The Respondent is using the disputed domain name to lure to its website unsuspecting internet users searching for information on the Complainant and/or its financial services offering. The Respondent is benefiting financially from its unlicensed use of the Complainant’s goodwill through its website which contains numerous sponsored pay per click links. The Respondent is using the disputed domain name to pass itself off as the Complainant and to infringe the Complainant’s rights in the trademarks. Although the Respondent includes a disclaimer on the website the Complainant submits that it is insufficient to prevent any confusion on the part of the public between the domain name and the trademarks.
The Respondent has a previous track record of registering domain names which infringe intellectual property rights of third parties and refers to the previous National Arbitration Forum decisions M. Shanken Communications, Inc v. Cenal.com c/o DNS Manager, FA0507000508512 and Insure & Go Insurance Services Limited v. Cenal.com c/o DNS Manager, FA050700520056.
The Respondent did not reply to the Complainant’s contentions.
6. Discussion and Findings
According to paragraph 4(a) of the Policy, the Complainant must prove each of the following:
(i) that the Respondent’s domain name is identical or confusingly similar to a trademark or service mark in which the Complainant has rights; and
(ii) that the Respondent has no rights or legitimate interests in respect of the domain name; and
(iii) that the domain name has been registered and is being used in bad faith.
A. Identical or Confusingly Similar
The Complainant is, according to the submitted evidence, the owner of the UK registered trademark DARLINGTON. From the registration certificate of the trademark DARLINGTON it is clear that the proprietor is “Darllngton Building Society”. The disputed domain name <darlingtonbuildingsociety.com> contains the trademark DARLINGTON in its entirety with the addition of the words “building” and “society”. The ability for such generic words to distinguish the domain name from the trademark is limited, especially considering the fact that the above mentioned combination of words undoubtedly refers to the Complainant’s complete trading name “Darllngton Building Society” under which the Complainant has provided financial services since approximately 1946. See for example Nokia Corporation v. Nokiagirls.com a.k.a IBCC,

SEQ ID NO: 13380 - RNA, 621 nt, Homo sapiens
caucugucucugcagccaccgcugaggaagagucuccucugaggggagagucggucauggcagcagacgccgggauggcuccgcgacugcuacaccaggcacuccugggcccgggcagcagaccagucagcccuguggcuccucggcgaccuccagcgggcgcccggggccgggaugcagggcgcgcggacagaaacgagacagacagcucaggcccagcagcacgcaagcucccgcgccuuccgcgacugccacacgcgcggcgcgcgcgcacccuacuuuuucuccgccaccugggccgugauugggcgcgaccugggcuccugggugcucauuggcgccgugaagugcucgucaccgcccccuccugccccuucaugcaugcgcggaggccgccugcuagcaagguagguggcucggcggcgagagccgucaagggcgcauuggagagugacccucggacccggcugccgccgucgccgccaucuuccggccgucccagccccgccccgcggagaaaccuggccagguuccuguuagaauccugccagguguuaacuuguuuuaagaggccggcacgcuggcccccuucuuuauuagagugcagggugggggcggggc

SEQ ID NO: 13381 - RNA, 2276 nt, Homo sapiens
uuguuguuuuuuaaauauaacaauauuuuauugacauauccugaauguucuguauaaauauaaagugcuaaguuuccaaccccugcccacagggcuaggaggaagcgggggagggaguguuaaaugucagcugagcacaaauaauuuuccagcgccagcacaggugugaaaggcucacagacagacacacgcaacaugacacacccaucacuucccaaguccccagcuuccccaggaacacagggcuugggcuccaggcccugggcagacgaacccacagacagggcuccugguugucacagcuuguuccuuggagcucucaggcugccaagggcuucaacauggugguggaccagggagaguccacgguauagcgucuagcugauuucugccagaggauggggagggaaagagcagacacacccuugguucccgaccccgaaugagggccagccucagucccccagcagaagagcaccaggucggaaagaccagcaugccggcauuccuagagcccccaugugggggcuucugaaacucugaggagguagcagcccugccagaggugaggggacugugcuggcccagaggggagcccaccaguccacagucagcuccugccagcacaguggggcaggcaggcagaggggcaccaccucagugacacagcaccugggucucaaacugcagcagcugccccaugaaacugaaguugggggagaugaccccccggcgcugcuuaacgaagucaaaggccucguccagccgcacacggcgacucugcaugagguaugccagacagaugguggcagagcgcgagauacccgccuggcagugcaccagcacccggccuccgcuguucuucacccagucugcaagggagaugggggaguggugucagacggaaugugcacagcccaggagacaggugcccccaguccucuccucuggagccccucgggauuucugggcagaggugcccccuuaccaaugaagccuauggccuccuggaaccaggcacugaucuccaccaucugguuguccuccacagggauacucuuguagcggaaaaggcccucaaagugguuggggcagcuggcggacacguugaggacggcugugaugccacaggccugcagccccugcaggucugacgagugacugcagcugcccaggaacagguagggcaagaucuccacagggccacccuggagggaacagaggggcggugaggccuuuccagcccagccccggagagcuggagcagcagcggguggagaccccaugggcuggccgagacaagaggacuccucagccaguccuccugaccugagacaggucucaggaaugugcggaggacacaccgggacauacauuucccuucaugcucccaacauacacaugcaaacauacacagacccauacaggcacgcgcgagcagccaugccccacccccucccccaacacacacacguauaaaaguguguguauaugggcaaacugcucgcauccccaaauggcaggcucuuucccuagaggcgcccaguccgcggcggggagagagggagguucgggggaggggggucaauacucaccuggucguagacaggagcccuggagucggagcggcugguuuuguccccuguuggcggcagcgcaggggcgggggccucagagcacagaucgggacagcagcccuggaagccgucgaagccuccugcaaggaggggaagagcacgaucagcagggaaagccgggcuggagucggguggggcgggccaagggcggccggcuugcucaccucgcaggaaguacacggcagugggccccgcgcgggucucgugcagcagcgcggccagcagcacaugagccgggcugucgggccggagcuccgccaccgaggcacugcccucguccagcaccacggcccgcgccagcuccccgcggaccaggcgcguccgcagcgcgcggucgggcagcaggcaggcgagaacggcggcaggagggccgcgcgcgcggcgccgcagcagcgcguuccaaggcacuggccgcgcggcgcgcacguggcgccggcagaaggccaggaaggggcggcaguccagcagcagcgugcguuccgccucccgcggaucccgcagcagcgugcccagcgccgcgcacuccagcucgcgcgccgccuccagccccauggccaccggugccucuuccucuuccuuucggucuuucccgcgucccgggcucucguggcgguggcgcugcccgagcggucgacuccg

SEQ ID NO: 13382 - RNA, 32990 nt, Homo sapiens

WIPO Case No. D2000-0102, regarding the domain name <nokiagirls.com>, in which the addition of the noun “girls” was not sufficient to distinguish the domain name from the trademark NOKIA.
Having the above in mind, it is the opinion of the Panel that the domain name <darlingtonbuildingsociety.com> is confusingly similar to the Complainant’s trademark DARLINGTON and that the Complainant has proved the requirement under paragraph 4(a)(i) of the Policy.
B. Rights or Legitimate Interests
The Complainant must show that the Respondent has no rights or legitimate interests in respect of the disputed domain name. The Respondent may establish a right or legitimate interest in the disputed domain name by demonstrating in accordance with paragraph 4(c) of the Policy any of the following:
(a) before any notice to you of the dispute, your use of, or demonstrable preparations to use, the domain name or a name corresponding to the domain name in connection with a bona fide offering of goods or services; or
(b) you (as an individual, business, or other organization) have been commonly known by the domain name, even if you have acquired no trademark or service mark rights; or
(c) you are making a legitimate noncommercial or fair use of the domain name, without intent for commercial gain to misleadingly divert consumers or to tarnish the trademark or service mark at issue.
The Complainant has not licensed or otherwise consented to the Respondent’s use of the trademark DARLINGTON in connection with the disputed domain name <darlingtonbuildingsociety.com> which is confusingly similar to the trademark.
The Respondent has not submitted any evidence of any preparations to use the domain name or a name corresponding to the disputed domain name in connection with a bona fide offering of goods or services. Neither has the Respondent submitted any evidence that it intends to make a legitimate, non-commercial or fair use of the disputed domain name without intent for commercial gain to misleadingly divert consumers or to tarnish the trademark DARLINGTON.